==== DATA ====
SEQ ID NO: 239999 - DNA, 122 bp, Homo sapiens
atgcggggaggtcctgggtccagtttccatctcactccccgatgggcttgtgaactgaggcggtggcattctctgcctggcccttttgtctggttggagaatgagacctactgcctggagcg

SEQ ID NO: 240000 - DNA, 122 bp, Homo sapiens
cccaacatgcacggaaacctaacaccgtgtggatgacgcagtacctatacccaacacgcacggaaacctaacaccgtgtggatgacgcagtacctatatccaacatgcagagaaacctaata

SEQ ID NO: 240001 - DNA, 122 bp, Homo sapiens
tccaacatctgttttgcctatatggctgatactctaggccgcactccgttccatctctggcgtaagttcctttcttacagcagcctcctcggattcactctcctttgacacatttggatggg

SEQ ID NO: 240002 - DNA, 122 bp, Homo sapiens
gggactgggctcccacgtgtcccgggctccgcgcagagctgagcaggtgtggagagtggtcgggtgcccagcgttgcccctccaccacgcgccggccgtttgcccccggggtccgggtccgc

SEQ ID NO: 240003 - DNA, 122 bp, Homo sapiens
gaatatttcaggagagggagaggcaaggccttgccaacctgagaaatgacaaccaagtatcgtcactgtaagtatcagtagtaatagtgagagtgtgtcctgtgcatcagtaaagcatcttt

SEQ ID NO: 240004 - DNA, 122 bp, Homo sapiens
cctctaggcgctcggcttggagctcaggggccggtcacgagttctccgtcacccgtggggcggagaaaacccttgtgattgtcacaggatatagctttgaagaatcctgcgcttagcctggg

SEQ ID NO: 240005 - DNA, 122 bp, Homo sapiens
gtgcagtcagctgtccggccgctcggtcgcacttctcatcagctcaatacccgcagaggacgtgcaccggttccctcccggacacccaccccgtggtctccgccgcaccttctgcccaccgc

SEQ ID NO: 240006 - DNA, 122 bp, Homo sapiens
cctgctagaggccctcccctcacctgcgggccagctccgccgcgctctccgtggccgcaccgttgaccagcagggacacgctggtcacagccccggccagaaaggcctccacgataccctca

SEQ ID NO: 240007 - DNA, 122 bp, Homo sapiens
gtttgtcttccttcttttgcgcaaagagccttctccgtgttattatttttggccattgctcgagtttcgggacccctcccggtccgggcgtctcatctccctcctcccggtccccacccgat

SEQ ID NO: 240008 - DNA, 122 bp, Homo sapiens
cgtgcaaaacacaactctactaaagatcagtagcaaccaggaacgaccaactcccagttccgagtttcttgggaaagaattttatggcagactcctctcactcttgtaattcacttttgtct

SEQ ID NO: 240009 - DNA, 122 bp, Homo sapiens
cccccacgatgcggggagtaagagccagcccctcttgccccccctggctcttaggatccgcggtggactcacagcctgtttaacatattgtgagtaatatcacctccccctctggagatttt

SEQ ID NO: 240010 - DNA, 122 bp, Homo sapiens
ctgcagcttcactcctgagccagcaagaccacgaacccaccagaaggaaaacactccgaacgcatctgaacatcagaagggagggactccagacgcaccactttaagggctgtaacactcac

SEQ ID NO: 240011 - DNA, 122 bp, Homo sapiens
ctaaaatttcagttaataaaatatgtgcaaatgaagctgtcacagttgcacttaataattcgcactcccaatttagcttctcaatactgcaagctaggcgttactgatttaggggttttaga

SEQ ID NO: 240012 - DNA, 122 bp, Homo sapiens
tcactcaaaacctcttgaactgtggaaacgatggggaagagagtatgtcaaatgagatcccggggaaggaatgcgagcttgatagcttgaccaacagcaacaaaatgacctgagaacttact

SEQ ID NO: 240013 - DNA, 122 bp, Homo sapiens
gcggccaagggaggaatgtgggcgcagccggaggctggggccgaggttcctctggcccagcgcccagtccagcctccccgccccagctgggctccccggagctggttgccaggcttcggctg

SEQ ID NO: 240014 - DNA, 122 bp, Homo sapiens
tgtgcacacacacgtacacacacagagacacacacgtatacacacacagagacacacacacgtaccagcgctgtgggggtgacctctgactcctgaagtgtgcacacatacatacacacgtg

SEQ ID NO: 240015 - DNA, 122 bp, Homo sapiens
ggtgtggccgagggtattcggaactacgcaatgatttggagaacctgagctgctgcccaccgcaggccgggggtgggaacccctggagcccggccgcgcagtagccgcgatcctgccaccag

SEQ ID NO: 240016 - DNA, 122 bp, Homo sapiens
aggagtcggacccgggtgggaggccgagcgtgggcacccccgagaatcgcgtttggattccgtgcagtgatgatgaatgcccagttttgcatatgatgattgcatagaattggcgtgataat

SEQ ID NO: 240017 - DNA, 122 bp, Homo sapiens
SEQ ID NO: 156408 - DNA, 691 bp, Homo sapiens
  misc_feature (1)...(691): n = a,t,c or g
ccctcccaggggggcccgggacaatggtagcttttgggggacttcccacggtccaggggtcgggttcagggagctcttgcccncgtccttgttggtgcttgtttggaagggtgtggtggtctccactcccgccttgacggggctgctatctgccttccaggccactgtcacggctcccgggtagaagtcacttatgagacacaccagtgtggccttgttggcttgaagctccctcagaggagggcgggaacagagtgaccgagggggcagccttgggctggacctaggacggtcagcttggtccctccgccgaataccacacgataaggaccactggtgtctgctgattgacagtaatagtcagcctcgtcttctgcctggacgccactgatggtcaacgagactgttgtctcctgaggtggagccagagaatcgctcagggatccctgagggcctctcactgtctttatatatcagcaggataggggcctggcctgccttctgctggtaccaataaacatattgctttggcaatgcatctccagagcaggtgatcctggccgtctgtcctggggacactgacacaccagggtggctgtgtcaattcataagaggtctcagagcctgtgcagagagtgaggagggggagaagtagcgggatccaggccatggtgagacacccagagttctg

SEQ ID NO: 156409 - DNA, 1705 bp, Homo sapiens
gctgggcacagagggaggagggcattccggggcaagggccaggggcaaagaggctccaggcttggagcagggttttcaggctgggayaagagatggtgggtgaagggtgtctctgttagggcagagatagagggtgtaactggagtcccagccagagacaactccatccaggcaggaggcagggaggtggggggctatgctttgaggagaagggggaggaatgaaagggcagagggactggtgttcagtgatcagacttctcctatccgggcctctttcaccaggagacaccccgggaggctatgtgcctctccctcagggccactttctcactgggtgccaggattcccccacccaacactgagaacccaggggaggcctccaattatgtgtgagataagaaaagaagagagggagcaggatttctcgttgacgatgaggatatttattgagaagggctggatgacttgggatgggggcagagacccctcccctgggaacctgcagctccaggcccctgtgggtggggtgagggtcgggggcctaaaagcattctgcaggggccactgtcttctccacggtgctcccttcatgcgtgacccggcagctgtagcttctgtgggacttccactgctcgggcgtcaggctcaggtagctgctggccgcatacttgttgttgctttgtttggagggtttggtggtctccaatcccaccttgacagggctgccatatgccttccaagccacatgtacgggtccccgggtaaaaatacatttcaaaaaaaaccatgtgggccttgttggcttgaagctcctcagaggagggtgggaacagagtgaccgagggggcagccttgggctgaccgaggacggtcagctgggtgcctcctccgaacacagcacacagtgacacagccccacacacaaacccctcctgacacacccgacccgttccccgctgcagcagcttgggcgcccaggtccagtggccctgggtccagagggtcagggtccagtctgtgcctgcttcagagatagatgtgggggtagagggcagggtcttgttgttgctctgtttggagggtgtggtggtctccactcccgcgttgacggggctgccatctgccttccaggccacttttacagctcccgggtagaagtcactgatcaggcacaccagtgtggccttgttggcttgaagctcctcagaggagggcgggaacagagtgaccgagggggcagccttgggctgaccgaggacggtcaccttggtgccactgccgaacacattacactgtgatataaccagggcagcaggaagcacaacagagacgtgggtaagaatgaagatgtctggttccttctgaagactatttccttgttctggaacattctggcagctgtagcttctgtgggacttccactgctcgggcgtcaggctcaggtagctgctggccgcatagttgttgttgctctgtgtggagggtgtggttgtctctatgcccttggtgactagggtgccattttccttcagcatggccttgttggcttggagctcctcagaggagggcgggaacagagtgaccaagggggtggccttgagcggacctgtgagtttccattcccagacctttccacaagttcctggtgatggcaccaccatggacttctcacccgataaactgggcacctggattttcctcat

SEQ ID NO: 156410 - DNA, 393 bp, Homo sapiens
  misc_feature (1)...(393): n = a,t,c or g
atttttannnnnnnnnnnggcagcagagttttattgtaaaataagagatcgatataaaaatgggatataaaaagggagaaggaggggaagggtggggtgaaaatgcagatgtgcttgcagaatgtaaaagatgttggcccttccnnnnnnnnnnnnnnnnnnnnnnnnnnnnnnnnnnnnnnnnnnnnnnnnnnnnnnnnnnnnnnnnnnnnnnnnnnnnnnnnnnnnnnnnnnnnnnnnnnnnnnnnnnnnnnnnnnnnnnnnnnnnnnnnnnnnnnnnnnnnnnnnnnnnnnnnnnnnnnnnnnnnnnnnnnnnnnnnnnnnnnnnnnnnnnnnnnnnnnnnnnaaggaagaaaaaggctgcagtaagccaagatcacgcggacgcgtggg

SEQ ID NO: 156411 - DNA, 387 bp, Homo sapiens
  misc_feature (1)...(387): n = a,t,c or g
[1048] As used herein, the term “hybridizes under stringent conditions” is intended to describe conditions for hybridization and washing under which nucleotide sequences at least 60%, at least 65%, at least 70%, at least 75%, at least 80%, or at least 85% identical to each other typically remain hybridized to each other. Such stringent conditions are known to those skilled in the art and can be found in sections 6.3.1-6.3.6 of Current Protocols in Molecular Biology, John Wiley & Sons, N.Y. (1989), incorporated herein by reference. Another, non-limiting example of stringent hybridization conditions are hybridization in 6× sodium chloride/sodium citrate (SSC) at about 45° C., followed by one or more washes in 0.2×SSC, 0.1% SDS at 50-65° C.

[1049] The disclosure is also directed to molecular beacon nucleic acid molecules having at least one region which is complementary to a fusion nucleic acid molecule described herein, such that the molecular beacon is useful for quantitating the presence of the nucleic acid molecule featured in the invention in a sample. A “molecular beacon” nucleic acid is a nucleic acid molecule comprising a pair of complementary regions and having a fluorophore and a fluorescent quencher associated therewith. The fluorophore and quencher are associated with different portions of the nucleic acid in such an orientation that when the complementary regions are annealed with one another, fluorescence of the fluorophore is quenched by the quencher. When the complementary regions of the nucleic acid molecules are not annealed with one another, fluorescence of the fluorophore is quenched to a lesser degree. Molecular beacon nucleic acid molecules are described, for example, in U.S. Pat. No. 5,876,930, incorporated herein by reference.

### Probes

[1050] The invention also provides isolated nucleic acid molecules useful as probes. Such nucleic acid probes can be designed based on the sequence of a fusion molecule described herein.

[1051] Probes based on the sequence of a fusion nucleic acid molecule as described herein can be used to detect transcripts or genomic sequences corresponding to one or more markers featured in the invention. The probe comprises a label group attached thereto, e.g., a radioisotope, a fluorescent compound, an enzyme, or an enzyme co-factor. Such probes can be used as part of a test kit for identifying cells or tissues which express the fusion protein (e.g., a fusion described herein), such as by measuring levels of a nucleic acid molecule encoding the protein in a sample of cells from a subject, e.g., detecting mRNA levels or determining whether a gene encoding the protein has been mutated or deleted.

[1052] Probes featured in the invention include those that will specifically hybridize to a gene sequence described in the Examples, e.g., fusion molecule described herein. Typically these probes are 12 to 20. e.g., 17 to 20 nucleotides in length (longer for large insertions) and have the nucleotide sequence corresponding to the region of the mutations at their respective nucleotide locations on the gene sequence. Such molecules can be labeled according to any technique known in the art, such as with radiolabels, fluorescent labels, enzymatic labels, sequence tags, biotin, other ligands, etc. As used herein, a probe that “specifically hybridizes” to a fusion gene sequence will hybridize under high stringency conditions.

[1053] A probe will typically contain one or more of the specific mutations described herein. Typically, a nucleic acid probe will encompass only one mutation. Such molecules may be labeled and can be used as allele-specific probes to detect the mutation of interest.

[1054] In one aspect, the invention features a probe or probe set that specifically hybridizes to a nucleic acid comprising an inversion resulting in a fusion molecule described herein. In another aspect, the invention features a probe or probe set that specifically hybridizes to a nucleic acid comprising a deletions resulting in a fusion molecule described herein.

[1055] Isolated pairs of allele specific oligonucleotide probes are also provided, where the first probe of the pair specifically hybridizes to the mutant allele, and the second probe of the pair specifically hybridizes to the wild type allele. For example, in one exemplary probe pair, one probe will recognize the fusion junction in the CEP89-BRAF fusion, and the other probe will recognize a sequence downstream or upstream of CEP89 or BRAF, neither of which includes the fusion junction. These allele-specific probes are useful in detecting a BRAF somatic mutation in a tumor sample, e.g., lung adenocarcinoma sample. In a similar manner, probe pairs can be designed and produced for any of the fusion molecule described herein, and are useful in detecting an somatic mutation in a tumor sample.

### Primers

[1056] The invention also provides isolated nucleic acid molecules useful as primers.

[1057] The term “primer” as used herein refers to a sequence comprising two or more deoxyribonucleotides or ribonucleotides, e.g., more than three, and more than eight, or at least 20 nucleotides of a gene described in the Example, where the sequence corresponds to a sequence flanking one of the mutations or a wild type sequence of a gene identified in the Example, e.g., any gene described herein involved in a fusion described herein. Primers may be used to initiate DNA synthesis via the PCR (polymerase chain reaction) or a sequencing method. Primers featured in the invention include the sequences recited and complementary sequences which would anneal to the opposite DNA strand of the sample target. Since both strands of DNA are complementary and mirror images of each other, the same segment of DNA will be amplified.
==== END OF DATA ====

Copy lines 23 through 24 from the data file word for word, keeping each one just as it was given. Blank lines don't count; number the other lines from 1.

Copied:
SEQ ID NO: 240010 - DNA, 122 bp, Homo sapiens
ctgcagcttcactcctgagccagcaagaccacgaacccaccagaaggaaaacactccgaacgcatctgaacatcagaagggagggactccagacgcaccactttaagggctgtaacactcac